January 1, 2017 |

Commentary: Who’s Delivering Your Next Pizza?

By Jeremy White

jeremy2015bw-copy-250x297Creative Director Rick Daugherty and I were in the beautiful city of New Orleans for a couple of days visiting pizzerias. After a quick stop for a requisite Po’ Boy, we summoned an Uber to get us from one pizza shop interview to the next. The driver conversed with us about a number of things en route, but he became visibly and audibly animated when the subject of Uber Eats popped up.

“Oh man, you got that where you live yet?” he asked. “I hope so. If not, y’all gotta look into it. It’s fire, man.”

Fire, wow. That’s high hipster praise. Rick and I exchanged knowing glances.

“We should do a story on that,” Rick quipped. I chuckled because not only had we taken a look at third-party delivery many years ago, but we were set to revisit it now thanks to the oncoming explosion of options such as the aforementioned Uber Eats.

“I love it,” our driver continued. “I just get a notification telling me what restaurant to pick up at and what address to deliver it to. I just park outside the restaurant, walk in and pick up the order.”

I asked him if his company required any food-handling and safety training.

“Nope,” he said. “We don’t touch the food or nothing like that. It’s already packaged up and ready to go when we pick it up. We just put it in these bags (he showed me a heat-retaining delivery bag he kept in his vehicle) and deliver them. Nothing to it. It’s great.”

Rick asked about the demand for the service.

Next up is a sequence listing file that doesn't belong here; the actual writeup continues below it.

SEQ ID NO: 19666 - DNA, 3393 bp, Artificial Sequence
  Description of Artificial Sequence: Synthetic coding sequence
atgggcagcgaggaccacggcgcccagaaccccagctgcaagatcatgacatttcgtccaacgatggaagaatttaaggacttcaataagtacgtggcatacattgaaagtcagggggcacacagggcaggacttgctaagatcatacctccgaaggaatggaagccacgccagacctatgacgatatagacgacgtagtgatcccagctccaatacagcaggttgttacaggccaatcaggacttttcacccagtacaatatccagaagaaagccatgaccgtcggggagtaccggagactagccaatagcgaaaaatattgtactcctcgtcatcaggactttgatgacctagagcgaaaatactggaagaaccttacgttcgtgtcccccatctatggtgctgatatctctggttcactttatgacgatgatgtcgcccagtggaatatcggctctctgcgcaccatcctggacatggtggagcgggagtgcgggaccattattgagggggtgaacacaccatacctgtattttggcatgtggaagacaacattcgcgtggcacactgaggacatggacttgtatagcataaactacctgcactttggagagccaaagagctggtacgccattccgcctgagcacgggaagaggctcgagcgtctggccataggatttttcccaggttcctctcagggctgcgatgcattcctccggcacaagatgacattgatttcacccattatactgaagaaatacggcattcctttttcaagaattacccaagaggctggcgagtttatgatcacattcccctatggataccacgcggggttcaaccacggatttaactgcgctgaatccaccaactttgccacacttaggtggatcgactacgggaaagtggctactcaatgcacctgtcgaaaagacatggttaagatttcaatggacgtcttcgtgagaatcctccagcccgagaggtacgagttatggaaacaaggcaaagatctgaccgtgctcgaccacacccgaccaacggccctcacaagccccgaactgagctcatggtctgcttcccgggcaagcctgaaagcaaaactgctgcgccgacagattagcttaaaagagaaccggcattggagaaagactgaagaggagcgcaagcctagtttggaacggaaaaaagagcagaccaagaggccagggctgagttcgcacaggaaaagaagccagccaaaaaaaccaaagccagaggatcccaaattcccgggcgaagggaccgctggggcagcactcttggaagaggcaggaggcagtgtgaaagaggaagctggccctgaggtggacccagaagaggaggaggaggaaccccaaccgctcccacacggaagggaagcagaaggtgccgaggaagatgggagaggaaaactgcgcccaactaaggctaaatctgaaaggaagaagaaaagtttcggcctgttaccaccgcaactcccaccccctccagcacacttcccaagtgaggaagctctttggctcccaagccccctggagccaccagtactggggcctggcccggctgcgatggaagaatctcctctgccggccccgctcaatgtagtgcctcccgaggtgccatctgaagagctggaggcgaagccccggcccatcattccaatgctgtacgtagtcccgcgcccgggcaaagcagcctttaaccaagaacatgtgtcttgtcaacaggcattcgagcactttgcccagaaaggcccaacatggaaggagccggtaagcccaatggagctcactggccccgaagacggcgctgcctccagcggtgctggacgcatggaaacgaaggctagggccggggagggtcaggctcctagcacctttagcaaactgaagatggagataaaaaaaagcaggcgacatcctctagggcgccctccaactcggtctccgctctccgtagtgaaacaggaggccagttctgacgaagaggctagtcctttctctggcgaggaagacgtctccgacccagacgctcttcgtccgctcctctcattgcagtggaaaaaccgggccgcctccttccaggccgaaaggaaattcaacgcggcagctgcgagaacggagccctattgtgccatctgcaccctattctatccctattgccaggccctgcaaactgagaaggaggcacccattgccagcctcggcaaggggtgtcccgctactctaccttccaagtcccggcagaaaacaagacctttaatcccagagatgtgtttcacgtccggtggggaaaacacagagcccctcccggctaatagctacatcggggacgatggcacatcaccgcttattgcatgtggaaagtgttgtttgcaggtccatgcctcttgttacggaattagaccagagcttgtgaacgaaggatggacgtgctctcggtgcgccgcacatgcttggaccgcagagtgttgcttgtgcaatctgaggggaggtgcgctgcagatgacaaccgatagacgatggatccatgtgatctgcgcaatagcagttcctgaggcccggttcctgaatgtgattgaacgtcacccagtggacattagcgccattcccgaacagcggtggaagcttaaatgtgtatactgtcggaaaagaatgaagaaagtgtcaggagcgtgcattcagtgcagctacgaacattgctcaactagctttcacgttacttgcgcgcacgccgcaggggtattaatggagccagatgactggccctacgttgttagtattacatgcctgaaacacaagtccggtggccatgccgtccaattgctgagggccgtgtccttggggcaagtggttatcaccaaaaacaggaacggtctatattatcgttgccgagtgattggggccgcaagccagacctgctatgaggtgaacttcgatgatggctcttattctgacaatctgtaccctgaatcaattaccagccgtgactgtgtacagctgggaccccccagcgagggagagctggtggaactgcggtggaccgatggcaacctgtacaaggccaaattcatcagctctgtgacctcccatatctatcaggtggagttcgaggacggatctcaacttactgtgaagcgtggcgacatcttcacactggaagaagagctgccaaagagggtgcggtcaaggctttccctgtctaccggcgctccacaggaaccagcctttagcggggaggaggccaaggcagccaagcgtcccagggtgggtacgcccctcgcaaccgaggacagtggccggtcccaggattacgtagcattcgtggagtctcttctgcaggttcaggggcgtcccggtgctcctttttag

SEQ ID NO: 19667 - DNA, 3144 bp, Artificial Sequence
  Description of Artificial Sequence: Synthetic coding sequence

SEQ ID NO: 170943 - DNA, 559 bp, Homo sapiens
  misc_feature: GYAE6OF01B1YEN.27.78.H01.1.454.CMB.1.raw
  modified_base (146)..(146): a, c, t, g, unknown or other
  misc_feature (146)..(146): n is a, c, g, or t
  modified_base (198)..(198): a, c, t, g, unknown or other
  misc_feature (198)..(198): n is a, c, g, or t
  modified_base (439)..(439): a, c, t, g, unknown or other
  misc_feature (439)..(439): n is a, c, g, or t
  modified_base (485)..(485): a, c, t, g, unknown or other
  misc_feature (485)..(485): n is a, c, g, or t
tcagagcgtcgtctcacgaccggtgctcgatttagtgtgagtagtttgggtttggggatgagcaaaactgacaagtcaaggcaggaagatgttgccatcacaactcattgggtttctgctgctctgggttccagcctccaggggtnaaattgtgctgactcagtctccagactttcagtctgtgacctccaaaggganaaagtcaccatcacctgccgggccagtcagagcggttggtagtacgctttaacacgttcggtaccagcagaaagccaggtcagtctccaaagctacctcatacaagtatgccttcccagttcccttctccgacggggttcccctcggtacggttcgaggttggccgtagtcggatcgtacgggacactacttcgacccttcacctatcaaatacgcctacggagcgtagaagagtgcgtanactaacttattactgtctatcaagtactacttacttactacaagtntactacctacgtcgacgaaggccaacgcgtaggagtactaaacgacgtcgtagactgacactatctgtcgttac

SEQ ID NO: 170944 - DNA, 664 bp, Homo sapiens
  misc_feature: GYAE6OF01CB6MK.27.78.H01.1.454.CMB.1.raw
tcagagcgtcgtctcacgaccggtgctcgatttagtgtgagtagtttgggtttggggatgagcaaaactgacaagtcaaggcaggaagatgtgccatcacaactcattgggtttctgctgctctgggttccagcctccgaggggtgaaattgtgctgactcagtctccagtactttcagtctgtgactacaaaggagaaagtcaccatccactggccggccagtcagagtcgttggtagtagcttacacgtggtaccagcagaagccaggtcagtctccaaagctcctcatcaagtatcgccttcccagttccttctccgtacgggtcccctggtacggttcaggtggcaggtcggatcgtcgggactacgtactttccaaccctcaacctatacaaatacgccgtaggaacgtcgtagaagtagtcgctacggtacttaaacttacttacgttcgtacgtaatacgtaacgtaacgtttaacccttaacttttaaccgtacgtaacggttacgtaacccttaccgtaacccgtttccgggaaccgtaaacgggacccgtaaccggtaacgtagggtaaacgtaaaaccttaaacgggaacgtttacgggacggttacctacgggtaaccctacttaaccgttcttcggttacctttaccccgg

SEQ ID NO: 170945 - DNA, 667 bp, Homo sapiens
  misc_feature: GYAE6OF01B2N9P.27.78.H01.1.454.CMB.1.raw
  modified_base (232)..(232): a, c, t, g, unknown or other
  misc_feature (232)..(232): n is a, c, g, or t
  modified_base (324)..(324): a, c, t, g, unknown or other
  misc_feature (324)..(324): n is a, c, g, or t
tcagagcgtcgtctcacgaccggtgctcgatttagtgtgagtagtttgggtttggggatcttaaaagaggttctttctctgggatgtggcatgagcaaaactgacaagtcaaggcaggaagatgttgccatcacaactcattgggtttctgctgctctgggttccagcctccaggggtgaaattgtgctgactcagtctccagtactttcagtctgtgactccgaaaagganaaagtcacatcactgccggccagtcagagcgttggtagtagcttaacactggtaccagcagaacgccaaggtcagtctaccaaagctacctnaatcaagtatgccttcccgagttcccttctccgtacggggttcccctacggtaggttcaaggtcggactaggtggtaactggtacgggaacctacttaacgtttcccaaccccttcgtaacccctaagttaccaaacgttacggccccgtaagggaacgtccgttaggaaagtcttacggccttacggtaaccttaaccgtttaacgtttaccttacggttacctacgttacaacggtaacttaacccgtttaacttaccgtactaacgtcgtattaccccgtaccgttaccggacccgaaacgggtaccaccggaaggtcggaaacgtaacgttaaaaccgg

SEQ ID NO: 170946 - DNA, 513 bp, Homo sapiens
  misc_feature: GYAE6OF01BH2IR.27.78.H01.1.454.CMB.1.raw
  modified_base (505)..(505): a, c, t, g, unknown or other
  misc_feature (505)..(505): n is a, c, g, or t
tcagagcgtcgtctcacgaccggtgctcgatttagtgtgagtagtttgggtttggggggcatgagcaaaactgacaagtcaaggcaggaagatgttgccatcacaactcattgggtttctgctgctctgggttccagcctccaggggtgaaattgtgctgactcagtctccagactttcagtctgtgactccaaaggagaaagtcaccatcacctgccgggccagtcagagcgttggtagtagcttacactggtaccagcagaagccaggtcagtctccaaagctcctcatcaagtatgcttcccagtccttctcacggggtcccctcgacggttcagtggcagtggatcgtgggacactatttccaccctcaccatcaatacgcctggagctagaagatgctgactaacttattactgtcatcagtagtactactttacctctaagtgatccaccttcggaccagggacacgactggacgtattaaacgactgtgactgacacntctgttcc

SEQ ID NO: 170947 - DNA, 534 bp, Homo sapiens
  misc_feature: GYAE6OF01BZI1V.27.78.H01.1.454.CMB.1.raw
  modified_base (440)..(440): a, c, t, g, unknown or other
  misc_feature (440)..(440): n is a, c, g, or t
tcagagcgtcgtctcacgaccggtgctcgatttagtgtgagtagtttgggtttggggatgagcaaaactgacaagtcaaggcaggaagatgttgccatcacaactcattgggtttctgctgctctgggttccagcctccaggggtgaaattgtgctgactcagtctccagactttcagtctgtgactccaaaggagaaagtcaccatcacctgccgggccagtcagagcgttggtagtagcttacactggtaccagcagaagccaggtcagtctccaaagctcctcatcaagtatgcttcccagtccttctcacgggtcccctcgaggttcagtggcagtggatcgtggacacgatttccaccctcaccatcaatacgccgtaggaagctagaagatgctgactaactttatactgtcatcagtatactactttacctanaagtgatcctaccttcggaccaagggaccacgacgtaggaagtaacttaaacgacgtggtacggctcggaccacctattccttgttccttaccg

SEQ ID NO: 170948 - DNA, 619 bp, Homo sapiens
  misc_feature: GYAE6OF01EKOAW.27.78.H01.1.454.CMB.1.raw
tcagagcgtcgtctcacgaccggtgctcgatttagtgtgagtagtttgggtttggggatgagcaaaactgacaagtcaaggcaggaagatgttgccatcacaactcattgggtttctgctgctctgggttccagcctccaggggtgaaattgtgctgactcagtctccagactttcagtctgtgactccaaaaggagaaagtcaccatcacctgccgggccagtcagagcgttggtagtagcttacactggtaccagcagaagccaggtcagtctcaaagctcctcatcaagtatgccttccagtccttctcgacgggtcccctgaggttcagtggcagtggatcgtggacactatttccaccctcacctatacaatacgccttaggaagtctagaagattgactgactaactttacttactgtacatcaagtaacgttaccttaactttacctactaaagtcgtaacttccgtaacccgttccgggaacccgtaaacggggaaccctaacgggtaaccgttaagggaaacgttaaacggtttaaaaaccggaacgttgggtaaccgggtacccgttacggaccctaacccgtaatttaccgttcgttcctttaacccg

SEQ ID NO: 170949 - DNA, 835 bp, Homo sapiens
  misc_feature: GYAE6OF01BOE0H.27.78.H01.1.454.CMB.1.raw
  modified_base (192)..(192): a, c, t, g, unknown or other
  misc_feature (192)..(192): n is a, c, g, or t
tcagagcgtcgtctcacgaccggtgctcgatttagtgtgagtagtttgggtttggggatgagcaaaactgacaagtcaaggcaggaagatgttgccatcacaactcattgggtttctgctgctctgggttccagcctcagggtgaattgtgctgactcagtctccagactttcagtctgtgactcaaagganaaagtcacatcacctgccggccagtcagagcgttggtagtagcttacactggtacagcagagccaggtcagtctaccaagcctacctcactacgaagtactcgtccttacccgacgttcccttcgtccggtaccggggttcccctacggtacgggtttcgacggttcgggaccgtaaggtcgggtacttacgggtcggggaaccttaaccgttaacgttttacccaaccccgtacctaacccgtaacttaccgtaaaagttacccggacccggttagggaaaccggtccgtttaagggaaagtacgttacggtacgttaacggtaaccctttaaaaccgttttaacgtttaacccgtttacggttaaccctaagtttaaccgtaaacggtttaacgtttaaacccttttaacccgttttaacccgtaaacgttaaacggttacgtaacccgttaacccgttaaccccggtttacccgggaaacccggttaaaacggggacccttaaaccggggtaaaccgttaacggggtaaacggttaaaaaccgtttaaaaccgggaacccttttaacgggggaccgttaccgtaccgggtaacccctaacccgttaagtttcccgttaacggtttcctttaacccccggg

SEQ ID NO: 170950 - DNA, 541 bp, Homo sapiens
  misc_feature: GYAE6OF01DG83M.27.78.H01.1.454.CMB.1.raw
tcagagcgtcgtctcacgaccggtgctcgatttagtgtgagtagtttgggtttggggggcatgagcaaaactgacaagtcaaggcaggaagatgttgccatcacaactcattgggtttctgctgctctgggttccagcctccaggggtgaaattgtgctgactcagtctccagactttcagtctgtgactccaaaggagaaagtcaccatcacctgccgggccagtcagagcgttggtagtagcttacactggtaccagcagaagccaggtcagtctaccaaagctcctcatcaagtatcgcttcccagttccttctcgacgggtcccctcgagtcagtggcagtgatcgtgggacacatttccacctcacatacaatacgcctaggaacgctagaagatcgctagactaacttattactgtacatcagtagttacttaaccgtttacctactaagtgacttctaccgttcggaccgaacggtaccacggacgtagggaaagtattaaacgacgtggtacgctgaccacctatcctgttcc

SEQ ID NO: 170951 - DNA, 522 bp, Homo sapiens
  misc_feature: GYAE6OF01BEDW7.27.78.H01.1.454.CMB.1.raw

“Are you kidding me?” he asked. “It’s New Orleans. We’re a food town, man. It’s gonna get big here. Real big.”

A year ago, in our February 2016 issue, Tony Gemignani asked this question in his Respecting the Craft column: “Is third-party delivery the way to go?” He called it the “future for pizza delivery” and predicted that one day “our industry will not have delivery drivers who are directly employed by our restaurants.”

Tony, who has utilized third-party delivery companies, says there are still kinks in the system that need worked out. But his experience tells him that the gains have been massive since the early days. And he sees no reason why that trend won’t continue until we see third-party delivery take over nationwide on a large scale.

Is it right for your pizzeria right now? Is it, as my Uber driver in New Orleans suggested, “fire”? Are there benefits to jumping into the fray early, or would your restaurant be better served by waiting a while?

These are questions only you can answer based on your intimate knowledge of your customers and your respective market. If this is all new to you, Denise Greer’s article on page 30 will get your (delivery) wheels turning.


Jeremy White, Editor-in-chief